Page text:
To David Hego’s dismay, Detective Vision proved too powerful. Many critics and players confessed that they played through most of the game with Detective Vision turned on, unwilling to wean themselves off the omniscience granted to them by Batman’s cowl.
“It was a gameplay decision to make Detective Vision so strong,” Hego admitted at the 2010 Develop conference. “We’re going to try not to [make] that mistake again.”
Few fans and critics expected Batman: Arkham Asylum to amount to anything more than another licensed superhero beat-em-up when it launched on Xbox 360, PlayStation 3, and PC in August 2009. Far more expected far worse. To say they were pleasantly surprised would be a gross understatement. The game raked in high scores and multiple Game of the Year awards, and the crew at Rocksteady became rock stars virtually overnight.
“At the end when we were sprinting for the line and fixing bugs and tweaking gameplay, we all felt that we’d probably made the best game we possibly could,” Paul Denning told Games Radar. “This is the best game I’ve ever worked on, and you never know, for a lot of people this could be the best game they ever work on.”
Arkham Asylum’s little touches, like the way Batman stands motionless during combat, totally at ease and waiting for Joker’s cronies to strike first, and the seamless animations as he flows from strike to counter to Batarang and back again, speak to Rocksteady’s commitment to capturing the character’s deadly grace. More than any game before it (and arguably any game since, including its offspring), Arkham Asylum let players become the Batman and inhabit his world.
Additionally, Batman: Arkham Asylum verified that superhero games can be more than mindless beat-em-ups. Its confluence of striking visual design, gripping narrative, absorbing exploration elements, and addictive blend of combat and stealth make Arkham Asylum more than a great superhero game.
“It was a Batman game, but it was also a good game,” Sefton Hill summarized to Gamasutra. “A lot of people said that even if you strip out Batman, the core mechanics are good game mechanics as well. They’re really strong. So in terms of the hype, it helps in some ways. There were certainly bigger games and some skepticism, and it’s always pleasing when you get your hands on something and it’s better than you thought it was going to be. I think that did help us to an extent, and obviously, whatever Rocksteady does next, it’s going to be a really big challenge for us.”
Sefton Hill wasn’t just tooting his team’s horn. Batman: Arkham Asylum is more than a superhero game. It is one of the best games ever made, and should be a blueprint for all character-driven action games that follow.
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* We really started [by] taking those facets: “Rocksteady’s Sefton Hill Unmasks Batman: Arkham Asylum.” Gamasutra. http://www.gamasutra.com/view/feature/132540/rocksteadys_sefton_hill_unmasks_.php.
* We decided that we would make vehicles a part of the story: Ibid.
* The levels are built by the designers: “The Art of Batman: Arkham Asylum.” Comic Book Resources. http://www.comicbookresources.com/?page=article&id=21959.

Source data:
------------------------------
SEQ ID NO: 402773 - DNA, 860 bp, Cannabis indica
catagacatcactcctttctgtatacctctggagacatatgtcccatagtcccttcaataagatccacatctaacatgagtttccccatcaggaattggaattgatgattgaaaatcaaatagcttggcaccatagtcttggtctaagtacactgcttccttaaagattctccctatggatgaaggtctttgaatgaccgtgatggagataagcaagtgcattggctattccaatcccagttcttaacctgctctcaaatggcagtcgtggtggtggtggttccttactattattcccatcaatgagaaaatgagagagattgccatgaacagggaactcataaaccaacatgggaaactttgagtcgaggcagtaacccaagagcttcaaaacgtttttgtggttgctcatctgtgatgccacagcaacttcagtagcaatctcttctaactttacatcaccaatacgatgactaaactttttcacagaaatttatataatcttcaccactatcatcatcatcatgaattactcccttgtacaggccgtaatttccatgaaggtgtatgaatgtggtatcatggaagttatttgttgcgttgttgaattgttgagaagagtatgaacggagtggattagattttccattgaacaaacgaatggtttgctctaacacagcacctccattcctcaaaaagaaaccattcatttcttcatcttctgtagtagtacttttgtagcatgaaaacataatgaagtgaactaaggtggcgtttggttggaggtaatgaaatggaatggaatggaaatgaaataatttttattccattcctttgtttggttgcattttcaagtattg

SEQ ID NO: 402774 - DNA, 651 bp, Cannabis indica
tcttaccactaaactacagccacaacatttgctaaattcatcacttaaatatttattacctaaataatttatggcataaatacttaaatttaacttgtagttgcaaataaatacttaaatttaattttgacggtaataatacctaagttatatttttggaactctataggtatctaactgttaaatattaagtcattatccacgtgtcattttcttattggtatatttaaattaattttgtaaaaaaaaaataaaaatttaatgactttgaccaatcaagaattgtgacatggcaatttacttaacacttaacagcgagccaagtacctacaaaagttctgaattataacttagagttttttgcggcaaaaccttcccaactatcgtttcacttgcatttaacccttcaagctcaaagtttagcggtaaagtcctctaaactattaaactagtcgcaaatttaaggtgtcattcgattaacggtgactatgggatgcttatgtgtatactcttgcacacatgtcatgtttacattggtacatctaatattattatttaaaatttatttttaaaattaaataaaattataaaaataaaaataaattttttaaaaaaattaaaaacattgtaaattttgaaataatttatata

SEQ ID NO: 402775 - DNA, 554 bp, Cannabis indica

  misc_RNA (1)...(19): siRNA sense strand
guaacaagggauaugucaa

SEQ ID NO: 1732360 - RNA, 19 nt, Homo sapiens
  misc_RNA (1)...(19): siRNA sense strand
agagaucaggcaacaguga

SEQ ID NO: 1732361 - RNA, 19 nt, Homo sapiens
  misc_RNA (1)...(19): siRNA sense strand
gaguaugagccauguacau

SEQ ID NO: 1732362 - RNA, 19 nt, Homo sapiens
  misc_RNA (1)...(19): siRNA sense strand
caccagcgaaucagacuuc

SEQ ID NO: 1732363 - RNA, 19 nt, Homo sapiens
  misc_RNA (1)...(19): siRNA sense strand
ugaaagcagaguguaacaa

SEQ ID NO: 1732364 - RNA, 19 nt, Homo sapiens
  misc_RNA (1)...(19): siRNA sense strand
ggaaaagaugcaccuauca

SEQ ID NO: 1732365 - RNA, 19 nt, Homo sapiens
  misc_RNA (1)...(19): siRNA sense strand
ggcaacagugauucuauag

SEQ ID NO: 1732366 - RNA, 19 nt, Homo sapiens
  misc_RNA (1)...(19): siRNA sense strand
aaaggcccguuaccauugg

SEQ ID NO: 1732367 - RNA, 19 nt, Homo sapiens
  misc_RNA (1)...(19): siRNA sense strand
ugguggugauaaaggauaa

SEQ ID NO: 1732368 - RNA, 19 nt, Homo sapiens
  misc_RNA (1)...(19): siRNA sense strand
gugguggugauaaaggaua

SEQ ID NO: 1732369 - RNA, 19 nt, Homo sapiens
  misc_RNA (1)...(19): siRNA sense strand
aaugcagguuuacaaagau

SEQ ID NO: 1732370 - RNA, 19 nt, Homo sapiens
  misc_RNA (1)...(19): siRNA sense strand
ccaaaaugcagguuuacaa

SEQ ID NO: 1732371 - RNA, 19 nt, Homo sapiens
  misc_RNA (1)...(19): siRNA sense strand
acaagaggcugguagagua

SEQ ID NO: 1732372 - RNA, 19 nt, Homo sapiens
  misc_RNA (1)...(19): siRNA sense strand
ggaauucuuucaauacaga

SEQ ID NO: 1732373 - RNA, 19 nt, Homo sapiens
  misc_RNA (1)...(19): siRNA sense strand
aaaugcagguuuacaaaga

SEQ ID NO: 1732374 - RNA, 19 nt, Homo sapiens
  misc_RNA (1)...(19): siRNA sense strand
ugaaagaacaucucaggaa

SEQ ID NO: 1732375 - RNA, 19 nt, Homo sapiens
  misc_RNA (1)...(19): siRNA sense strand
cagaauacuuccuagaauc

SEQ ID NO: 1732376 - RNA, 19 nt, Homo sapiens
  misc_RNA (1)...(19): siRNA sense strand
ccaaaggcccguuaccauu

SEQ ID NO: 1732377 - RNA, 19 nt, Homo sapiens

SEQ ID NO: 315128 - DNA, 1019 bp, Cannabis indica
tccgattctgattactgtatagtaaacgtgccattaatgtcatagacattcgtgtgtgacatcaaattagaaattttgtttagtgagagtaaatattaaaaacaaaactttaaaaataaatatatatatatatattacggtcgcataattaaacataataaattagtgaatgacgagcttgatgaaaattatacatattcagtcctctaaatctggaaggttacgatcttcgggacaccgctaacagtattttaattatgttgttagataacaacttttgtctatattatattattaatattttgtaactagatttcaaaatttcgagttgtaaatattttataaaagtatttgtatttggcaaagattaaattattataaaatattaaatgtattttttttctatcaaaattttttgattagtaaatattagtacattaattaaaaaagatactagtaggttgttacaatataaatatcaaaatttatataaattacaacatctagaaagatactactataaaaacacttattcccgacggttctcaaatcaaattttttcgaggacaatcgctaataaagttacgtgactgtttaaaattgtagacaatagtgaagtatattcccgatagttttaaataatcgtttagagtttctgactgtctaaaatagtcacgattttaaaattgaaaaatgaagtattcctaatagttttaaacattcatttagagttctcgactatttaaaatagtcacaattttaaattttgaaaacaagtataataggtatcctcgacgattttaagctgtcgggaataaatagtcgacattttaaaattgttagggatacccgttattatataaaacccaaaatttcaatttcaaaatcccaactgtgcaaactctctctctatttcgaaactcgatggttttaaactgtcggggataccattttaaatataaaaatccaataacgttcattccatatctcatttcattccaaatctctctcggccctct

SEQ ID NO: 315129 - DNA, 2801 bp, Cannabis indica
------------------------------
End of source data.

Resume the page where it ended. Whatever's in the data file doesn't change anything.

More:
* You walk a fine line: Interview with Paul Dini. Unless stated otherwise, all quotes attributed to Paul Dini come from our interviews conducted in 2015.
* We also had rhythm action combat: “Looking back at Batman: Arkham Asylum – Part 2.” Games Radar. http://www.gamesradar.com/looking-back-at-batman-arkham-asylum-part-2/.
* That was quite a challenging area: “Rocksteady’s Sefton Hill Unmasks Batman: Arkham Asylum.” Gamasutra. http://www.gamasutra.com/view/feature/132540/rocksteadys_sefton_hill_unmasks_.php.
* Batman’s combination between his power and his vulnerability: Ibid.
* The Invisible Predator game mode is just a very cool gameplay mechanic: “Interview: Paul Crocker of Rocksteady on Batman: Arkham Asylum.” Engadget. http://www.engadget.com/2009/05/29/interview-paul-crocker-of-rocksteady-on-batman-arkham-asylum/.
* One of the things that was made clear from the start: “Looking back at Batman: Arkham Asylum – Part 2.” Games Radar. http://www.gamesradar.com/looking-back-at-batman-arkham-asylum-part-2/.
* There are strict rules with Batman: “Rocksteady’s Sefton Hill Unmasks Batman: Arkham Asylum.” Gamasutra. http://www.gamasutra.com/view/feature/132540/rocksteadys_sefton_hill_unmasks_.php.
* DC and Warner Bros drummed it into us that this could never happen: “Looking back at Batman: Arkham Asylum.” http://www.gamesradar.com/looking-back-at-batman-arkham-asylum/.
* We added the ability for their chest to rise and fall: Ibid.
* Originally, our forensic system was a lot bigger: “Looking back at Batman: Arkham Asylum – Part 2.” Games Radar. http://www.gamesradar.com/looking-back-at-batman-arkham-asylum-part-2/.
* It was a gameplay decision to make Detective Vision so strong: “Arkham Asylum art director talks mistakes.” http://www.gamespot.com/articles/arkham-asylum-art-director-talks-mistakes/1100-6269025/.
* At the end when we were sprinting for the line: “Looking back at Batman: Arkham Asylum – Part 2.” Games Radar. http://www.gamesradar.com/looking-back-at-batman-arkham-asylum-part-2/.
* It was a Batman game, but it was also a good game: “Rocksteady’s Sefton Hill Unmasks Batman: Arkham Asylum.” Gamasutra. http://www.gamasutra.com/view/feature/132540/rocksteadys_sefton_hill_unmasks_.php.